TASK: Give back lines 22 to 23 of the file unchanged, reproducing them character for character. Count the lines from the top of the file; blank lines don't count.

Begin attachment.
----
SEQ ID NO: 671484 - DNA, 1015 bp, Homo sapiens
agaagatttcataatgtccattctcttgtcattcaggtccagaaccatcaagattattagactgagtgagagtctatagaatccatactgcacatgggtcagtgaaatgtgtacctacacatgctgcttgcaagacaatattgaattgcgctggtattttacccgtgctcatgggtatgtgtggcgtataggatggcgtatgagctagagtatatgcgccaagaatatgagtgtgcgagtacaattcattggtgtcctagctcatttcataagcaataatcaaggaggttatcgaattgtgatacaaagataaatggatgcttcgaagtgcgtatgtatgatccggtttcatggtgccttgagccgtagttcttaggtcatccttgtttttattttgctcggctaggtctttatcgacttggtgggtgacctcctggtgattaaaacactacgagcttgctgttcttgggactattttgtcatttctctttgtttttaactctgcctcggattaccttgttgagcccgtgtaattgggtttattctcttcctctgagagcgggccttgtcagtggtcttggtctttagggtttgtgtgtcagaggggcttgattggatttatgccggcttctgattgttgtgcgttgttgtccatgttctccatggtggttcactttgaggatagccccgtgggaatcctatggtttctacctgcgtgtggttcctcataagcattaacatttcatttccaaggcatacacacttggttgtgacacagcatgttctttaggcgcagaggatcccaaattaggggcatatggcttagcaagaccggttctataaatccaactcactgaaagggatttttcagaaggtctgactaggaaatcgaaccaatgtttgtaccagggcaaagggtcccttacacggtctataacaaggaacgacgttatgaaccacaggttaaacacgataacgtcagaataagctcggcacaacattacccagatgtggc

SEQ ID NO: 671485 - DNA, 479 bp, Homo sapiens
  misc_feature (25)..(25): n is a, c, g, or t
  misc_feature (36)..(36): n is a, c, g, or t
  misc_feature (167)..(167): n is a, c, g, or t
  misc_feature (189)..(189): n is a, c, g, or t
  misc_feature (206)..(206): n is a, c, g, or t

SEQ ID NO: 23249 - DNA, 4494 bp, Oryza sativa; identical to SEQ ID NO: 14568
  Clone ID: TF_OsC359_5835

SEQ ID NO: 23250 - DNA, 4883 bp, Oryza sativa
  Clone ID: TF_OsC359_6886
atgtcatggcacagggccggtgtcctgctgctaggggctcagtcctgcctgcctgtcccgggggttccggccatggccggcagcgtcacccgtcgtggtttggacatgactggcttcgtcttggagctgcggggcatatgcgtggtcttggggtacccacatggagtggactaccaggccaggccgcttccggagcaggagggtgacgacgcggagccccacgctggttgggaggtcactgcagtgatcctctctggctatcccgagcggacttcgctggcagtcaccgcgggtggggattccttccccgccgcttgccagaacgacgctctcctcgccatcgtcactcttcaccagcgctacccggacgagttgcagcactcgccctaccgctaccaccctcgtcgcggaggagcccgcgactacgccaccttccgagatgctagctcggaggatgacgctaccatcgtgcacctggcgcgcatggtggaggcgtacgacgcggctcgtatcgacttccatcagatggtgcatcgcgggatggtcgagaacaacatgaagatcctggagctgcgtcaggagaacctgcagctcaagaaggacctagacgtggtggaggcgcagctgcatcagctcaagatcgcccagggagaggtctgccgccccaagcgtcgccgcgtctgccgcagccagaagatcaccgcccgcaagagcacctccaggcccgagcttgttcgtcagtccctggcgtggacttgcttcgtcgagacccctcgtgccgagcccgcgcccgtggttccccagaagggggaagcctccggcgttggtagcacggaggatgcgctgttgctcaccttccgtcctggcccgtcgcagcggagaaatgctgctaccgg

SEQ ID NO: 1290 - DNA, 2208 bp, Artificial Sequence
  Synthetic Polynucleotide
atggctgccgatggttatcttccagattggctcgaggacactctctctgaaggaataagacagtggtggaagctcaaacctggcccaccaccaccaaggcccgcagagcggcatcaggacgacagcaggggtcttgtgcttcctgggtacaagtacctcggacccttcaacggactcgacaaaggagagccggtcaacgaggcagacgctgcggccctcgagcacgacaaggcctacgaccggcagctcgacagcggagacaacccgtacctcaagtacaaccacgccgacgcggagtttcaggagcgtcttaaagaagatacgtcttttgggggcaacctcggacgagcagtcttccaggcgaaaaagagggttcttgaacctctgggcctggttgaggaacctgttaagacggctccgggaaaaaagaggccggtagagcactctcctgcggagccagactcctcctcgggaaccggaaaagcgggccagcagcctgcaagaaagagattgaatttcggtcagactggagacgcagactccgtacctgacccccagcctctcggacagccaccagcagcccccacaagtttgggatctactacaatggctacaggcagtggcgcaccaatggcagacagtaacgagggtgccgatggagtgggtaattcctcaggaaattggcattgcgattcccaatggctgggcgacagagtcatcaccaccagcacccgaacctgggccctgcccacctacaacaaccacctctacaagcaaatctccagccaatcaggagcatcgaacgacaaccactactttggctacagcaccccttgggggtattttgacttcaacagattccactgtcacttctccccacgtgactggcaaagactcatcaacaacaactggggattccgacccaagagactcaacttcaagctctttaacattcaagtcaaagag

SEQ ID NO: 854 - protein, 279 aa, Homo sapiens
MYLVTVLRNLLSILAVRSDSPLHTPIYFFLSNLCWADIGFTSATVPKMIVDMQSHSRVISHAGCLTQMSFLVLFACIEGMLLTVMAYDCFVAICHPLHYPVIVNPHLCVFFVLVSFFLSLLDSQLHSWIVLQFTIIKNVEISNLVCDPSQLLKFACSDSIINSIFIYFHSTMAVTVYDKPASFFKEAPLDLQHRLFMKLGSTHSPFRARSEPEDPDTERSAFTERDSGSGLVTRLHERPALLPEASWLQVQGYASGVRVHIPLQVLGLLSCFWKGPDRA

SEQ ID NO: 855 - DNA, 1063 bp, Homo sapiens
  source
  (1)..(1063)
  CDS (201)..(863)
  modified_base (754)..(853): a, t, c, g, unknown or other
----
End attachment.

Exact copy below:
  CDS (201)..(863)
  modified_base (754)..(853): a, t, c, g, unknown or other